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Gordon v. James Madison University

United States District Court, W.D. Virginia, Harrisonburg Division

June 30, 2014

PAMELA J. GORDON, Plaintiff
v.
JAMES MADISON UNIVERSITY, Defendant.

REPORT AND RECOMMENDATION

JOEL C. HOPPE, Magistrate Judge.

This matter is before the Court on the Plaintiff's Motion to Amend/Correct her Amended Complaint (ECF No. 56) and the Defendant's Motion to Dismiss the Plaintiff's Amended Complaint (ECF No. 52). The motions were referred to me for report and recommendation under 28 U.S.C. § 636(b)(1)(B). ( See ECF No. 55.) After considering the parties' briefs, oral arguments, and the applicable law, I recommend that this Court DENY the Plaintiff's Motion to Amend/Correct her Amended Complaint and DENY as moot the Defendant's Motion to Dismiss the Plaintiff's Amended Complaint.

I. Procedural History

Plaintiff Pamela Gordon alleges that she was forced to resign from her job as a police dispatcher at James Madison University ("JMU" or "the University") because of her age. (ECF No. 22, 1-2.) After exhausting her administrative remedies under the Age Discrimination in Employment Act ("ADEA"), 29 U.S.C. § 623(a), Gordon filed suit, pro se , in this Court on November 27, 2012. ( See ECF No. 1.) Her complaint consisted only of her original letter to the Equal Opportunity Employment Commission ("EEOC") and a demand for $620, 000 in damages against JMU. ( See id. ; ECF No. 1-2.)

A. First Amended Complaint - December 2012

On December 4, 2012, Gordon filed a 49-page amended complaint, which again consisted only of her original letter to the EEOC and accompanying exhibits. (ECF No. 3.) The University moved to dismiss Gordon's first amended complaint with prejudice under Rules 8(a), 10(b), 12(b)(1), and 12(b)(6) of the Federal Rules of Civil Procedure. (ECF No. 5.) It also claimed Eleventh Amendment immunity "to the extent Plaintiff [was] seeking to recover money damages for [JMU's] alleged violations of the Age Discrimination in Employment Act." (ECF No. 6, 2.)

On April 23, 2013, Magistrate Judge B. Waugh Crigler recommended that the District Court dismiss Gordon's ADEA damages claim with prejudice, but allow Gordon 20 days to amend her complaint to comply with the federal rules' pleading standards. (ECF No. 15.) Given the narrative state of Gordon's pleadings, Judge Crigler was "unable to discern, short of acting as the plaintiff's advocate, what cause of action [she was] alleging." ( Id. 3.) District Judge Michael F. Urbanski adopted Judge Crigler's recommendations on May 24, 2013. (ECF No. 21.) The Court dismissed Gordon's ADEA damages claim with prejudice because the University was immune from such claims under the Eleventh Amendment, and "no amendment to the complaint could cure th[at] defect." ( Id. 2.) The Court also allowed Gordon to amend her complaint for a second time.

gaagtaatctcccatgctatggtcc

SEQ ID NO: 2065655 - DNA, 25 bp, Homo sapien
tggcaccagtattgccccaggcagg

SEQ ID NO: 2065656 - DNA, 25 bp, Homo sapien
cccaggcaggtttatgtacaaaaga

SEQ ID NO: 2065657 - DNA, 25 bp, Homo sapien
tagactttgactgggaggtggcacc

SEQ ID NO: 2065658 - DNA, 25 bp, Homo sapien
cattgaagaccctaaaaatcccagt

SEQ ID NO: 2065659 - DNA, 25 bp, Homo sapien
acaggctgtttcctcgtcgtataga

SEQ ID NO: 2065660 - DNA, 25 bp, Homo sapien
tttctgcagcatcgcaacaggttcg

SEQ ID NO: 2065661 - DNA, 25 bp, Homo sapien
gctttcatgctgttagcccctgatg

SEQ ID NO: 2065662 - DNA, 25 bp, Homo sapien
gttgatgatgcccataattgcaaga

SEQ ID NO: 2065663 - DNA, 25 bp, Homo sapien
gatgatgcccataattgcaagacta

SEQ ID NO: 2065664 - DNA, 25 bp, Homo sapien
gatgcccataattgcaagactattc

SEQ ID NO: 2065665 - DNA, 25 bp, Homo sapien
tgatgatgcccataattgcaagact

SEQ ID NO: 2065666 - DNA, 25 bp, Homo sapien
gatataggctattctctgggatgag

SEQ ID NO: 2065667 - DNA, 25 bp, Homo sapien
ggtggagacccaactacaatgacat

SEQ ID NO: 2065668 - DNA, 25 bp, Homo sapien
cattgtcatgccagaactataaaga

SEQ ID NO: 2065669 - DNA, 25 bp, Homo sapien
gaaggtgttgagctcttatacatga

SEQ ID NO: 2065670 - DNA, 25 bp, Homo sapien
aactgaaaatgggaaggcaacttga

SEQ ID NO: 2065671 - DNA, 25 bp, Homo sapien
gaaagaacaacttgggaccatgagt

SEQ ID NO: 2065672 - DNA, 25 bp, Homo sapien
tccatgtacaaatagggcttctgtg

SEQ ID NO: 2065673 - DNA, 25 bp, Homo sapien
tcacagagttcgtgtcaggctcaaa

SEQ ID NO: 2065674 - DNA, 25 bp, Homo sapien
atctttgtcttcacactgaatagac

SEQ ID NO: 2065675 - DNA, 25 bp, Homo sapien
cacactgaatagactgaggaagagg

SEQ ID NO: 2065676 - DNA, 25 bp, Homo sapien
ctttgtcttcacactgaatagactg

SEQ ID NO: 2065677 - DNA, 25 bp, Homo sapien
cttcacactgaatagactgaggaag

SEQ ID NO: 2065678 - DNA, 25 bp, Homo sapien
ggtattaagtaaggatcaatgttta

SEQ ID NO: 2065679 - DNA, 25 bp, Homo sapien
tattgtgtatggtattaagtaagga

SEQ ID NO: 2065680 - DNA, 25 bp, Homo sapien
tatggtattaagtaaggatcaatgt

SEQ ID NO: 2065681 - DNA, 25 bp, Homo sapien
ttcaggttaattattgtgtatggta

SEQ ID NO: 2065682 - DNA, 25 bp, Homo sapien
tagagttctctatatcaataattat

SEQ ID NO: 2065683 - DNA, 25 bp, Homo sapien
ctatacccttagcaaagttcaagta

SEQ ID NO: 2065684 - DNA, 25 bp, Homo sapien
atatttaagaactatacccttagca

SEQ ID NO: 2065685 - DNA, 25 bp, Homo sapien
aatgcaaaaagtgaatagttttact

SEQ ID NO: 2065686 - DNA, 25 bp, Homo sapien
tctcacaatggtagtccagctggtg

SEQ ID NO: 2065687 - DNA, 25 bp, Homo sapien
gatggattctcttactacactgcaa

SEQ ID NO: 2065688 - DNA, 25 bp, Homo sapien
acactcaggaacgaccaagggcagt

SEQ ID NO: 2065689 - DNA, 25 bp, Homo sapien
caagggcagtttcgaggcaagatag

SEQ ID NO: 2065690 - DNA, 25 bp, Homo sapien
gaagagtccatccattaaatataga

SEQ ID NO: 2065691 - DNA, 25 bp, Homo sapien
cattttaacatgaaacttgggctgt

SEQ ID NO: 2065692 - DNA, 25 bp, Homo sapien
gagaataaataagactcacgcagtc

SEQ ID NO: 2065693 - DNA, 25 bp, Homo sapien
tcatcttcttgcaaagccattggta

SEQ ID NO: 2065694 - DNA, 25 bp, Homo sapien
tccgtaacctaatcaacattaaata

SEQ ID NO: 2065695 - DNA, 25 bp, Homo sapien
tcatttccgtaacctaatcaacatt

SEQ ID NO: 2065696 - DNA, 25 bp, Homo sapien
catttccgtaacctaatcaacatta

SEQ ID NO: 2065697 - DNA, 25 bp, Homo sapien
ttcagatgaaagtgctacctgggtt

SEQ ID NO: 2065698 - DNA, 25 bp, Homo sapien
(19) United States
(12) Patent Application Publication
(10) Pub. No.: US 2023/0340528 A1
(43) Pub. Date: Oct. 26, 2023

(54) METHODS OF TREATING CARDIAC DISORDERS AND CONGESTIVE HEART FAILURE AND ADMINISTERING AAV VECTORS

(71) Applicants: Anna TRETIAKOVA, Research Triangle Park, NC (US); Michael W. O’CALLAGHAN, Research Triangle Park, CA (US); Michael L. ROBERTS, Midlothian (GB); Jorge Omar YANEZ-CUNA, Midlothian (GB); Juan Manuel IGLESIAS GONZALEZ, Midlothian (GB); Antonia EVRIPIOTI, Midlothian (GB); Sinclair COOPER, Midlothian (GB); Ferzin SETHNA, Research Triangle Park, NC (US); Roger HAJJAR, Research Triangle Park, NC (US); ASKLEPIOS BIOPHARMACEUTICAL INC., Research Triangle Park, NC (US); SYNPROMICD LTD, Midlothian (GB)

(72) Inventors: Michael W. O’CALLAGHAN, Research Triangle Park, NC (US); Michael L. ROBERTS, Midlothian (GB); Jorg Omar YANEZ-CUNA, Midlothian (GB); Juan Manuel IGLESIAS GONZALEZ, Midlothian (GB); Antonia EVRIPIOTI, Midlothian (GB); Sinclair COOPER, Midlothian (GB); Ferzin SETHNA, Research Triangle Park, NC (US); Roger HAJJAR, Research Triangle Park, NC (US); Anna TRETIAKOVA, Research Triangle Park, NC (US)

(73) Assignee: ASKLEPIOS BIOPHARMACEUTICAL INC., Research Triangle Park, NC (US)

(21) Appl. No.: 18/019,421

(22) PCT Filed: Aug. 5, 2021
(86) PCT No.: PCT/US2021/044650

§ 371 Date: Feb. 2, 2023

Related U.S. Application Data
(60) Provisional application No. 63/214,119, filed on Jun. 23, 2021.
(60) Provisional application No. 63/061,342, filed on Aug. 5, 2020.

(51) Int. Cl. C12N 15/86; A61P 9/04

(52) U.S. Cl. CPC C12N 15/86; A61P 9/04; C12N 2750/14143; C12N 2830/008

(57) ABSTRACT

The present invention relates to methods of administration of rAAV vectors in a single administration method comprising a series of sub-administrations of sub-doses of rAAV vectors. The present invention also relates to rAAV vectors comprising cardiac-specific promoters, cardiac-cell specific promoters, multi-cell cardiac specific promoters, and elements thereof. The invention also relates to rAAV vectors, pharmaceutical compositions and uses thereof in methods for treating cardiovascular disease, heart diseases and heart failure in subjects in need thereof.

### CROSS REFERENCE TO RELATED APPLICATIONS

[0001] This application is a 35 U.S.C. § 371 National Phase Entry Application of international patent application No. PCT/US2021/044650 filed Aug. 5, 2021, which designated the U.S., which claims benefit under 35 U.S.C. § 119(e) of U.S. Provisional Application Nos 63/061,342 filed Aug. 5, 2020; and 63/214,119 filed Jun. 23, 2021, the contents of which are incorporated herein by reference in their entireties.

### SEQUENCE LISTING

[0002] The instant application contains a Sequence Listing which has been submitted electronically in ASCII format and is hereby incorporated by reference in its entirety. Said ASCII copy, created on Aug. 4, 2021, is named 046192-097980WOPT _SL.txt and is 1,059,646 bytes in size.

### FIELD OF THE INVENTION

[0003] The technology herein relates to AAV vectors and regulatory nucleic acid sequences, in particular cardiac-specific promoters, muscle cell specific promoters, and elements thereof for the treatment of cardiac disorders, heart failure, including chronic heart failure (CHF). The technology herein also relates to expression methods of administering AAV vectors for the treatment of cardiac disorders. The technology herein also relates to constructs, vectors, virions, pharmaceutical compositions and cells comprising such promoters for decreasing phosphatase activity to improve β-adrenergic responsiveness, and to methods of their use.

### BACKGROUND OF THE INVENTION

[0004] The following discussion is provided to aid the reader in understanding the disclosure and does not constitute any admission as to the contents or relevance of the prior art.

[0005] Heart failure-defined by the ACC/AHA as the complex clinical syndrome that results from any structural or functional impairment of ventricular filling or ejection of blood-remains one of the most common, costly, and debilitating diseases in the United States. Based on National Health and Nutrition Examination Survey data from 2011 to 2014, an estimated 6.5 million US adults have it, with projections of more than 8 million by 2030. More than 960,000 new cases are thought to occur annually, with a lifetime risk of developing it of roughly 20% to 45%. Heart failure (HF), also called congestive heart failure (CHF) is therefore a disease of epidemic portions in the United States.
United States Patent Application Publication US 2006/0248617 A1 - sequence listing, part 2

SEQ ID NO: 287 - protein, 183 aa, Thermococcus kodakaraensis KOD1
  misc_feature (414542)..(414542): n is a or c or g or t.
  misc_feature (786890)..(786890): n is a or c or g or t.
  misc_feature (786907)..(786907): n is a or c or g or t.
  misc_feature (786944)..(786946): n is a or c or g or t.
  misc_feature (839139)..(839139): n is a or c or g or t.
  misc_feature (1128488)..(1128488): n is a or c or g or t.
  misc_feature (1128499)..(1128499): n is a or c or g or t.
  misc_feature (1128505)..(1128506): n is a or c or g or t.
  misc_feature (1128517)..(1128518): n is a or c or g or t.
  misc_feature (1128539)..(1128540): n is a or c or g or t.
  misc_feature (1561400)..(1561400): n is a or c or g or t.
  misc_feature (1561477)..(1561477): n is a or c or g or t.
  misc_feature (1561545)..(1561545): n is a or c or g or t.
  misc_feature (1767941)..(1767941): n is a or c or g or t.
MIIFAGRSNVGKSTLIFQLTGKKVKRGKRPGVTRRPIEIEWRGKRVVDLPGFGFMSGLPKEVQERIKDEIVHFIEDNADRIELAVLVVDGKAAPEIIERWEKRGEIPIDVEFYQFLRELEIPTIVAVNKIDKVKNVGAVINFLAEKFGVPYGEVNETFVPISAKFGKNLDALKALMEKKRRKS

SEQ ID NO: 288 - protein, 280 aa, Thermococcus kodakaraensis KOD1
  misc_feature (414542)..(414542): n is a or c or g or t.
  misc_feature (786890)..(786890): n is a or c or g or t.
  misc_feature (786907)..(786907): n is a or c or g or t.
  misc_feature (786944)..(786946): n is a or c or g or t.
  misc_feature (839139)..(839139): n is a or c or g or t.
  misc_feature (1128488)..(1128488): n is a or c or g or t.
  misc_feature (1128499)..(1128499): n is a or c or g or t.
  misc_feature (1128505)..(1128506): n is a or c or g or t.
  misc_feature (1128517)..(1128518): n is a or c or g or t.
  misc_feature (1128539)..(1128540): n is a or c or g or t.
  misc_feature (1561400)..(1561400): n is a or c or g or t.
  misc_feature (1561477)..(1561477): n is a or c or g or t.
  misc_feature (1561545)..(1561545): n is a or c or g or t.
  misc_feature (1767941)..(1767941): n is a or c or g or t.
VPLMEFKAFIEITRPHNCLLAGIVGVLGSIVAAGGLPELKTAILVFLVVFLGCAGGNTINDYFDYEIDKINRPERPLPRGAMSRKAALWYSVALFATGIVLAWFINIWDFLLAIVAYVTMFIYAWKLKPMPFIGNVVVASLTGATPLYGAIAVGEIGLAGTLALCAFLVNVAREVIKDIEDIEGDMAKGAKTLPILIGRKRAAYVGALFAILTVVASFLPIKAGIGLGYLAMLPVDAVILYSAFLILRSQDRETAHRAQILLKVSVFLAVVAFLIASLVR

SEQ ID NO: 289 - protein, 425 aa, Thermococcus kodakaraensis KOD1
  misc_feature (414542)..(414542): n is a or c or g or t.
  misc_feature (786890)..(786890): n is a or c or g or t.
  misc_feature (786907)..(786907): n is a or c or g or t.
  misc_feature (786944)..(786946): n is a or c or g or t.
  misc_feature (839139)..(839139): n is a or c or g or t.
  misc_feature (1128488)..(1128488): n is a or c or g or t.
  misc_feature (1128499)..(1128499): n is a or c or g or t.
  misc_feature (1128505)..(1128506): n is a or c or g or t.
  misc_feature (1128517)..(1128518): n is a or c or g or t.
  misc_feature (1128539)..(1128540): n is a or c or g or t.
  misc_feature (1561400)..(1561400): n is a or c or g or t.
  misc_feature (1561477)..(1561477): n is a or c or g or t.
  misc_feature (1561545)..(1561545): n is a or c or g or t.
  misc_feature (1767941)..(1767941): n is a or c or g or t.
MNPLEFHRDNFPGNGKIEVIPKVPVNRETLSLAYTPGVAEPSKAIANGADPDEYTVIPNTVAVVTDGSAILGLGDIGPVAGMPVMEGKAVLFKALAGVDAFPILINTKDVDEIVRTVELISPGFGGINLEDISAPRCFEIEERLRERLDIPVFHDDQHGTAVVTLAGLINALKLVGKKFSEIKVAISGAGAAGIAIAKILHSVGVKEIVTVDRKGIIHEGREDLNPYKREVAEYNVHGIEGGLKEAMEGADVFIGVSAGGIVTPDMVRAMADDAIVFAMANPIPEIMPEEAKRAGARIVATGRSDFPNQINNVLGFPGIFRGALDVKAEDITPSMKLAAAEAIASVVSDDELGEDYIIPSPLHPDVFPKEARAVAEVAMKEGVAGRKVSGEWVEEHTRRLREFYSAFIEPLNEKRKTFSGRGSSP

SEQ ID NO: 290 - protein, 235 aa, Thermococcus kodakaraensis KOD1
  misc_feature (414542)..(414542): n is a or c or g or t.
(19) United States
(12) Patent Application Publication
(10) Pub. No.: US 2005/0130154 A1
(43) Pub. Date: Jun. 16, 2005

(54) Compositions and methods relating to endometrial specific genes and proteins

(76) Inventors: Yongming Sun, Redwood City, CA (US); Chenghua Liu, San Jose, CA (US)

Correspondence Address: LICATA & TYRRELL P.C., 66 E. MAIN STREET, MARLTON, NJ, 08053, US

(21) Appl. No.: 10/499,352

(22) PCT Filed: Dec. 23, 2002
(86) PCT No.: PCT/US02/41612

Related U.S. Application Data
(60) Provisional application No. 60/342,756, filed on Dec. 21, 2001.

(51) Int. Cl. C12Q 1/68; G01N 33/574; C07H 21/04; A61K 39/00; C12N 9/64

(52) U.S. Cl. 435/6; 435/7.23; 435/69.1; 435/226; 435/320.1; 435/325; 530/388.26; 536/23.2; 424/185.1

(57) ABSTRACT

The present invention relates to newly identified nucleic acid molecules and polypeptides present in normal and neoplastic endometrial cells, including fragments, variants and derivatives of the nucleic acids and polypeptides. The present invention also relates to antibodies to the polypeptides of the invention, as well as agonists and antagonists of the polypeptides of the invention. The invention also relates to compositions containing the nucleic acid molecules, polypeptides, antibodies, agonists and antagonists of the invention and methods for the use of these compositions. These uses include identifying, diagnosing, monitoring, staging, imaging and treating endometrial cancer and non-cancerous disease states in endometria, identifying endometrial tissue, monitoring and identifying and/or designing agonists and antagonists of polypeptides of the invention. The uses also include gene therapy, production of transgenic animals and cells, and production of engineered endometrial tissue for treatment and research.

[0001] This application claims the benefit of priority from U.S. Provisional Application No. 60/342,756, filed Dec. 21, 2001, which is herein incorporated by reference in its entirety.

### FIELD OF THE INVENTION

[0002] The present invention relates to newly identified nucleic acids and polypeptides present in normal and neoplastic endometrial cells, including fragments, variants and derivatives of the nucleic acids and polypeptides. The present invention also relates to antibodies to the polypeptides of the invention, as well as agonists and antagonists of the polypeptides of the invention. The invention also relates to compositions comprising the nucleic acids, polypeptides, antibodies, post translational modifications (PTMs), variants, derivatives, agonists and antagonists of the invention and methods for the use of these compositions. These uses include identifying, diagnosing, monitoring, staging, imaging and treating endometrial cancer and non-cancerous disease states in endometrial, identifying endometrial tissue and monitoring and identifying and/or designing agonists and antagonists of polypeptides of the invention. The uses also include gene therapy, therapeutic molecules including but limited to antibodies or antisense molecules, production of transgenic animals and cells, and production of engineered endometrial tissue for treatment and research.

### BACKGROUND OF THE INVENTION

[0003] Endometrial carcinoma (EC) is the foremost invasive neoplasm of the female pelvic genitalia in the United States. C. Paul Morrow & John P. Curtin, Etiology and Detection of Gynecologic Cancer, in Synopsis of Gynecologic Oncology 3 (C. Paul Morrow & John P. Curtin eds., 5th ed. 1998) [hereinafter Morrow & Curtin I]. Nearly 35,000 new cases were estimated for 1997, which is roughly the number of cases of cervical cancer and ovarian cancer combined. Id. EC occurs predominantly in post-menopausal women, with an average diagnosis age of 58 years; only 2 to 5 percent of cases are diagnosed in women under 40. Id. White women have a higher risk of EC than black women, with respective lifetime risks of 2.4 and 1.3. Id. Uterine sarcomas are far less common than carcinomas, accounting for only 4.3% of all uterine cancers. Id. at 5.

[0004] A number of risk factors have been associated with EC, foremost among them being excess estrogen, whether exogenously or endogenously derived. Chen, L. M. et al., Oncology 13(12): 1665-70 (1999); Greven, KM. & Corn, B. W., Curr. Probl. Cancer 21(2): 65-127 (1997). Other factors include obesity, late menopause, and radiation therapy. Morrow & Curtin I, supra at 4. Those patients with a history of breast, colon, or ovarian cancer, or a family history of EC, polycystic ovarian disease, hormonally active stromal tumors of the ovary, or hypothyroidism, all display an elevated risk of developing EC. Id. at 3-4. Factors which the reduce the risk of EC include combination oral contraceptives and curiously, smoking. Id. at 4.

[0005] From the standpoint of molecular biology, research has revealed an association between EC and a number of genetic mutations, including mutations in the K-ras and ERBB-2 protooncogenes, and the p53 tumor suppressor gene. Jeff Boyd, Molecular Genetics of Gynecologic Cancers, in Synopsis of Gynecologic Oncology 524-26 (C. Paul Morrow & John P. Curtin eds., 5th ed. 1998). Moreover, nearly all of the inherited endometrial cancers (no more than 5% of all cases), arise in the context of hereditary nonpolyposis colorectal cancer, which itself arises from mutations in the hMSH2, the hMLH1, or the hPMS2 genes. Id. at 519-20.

B. Second Amended Complaint - May 2013

Gordon immediately filed a second amended complaint. (ECF No. 22.) This document complied with the federal rules to the extent that it contained a caption with this Court's name, the parties' names, numbered paragraphs, and a clear statement of the relief sought. ( See id. ) But, once again, Gordon sought only damages against JMU under the ADEA. ( See id. ) The University moved to dismiss Gordon's complaint with prejudice under Rule 12(b)(1) and 12(b)(6) of the Federal Rules of Civil Procedure. (ECF No. 24.) Specifically, the University argued that the Court did not have authority to consider any fact that Gordon did not include in her original letter to the EEOC. ( Id. 4-6.) It also argued that Gordon did not allege facts from which the court could reasonably infer it was "plausible" that the University forced Gordon to resign "because of" her age. ( Id. 8-13.)

Judge Crigler recommended that the District Court grant in part and deny in part JMU's motion to dismiss. (ECF No. 39.) He rejected the Rule 12(b) arguments but recommended that the court again dismiss Gordon's ADEA damages claim with prejudice. ( Id. 3-7.) Judge Crigler noted that Gordon "once more [sought] only monetary relief in the amount of $620, 000, and [did] not plead any claim for equitable relief" against the University. ( Id. 6.) In response, Gordon filed a document titled "Amended Monetary Relief to Equitable Relief." (ECF No. 41; see also ECF No. 41-1.) That document "clarified" that Gordon was "seeking EQUITABLE RELIEF in the form of Front Pay and Back Pay to include benefits lost and, [ sic ] compensatory damages" against the University. (ECF No. 41.)

Judge Urbanski adopted Judge Crigler's recommendations on September 17, 2013. (ECF Nos. 42, 43.) He noted that Gordon's ADEA damages claim had been dismissed with prejudice, that the Court had twice told her that it could not grant such relief, and that it had pointed out her failure to seek equitable relief, such as reinstatement. ( See ECF No. 41, 2-3.) He also explained that adding the words "equitable relief" to a claim for damages did not change the nature or availability of the underlying claim. ( See id. 3.) The Court again dismissed Gordon's ADEA damages claim with prejudice and dismissed the action without prejudice. Judge Urbanski did not grant Gordon leave to amend her complaint for a third time. ( See ECF No. 43.)

C. Gordon's Appeal to the Fourth Circuit

Gordon appealed Judge Urbanski's order to the Fourth Circuit in October 2013. (ECF No. 44.) The panel dismissed Gordon's appeal for lack of subject-matter jurisdiction in January 2014. (ECF No. 47.) See Gordon v. James Madison Univ., Va. , 551 Fed.App'x 64 (4th Cir. Jan. 23, 2014) (Mem. Op.) (per curiam). The court concluded that the "order Gordon [sought] to appeal [was] neither a final order nor an appealable interlocutory or collateral order because it [was] possible for her to cure the pleading deficiencies in the complaint that were ...


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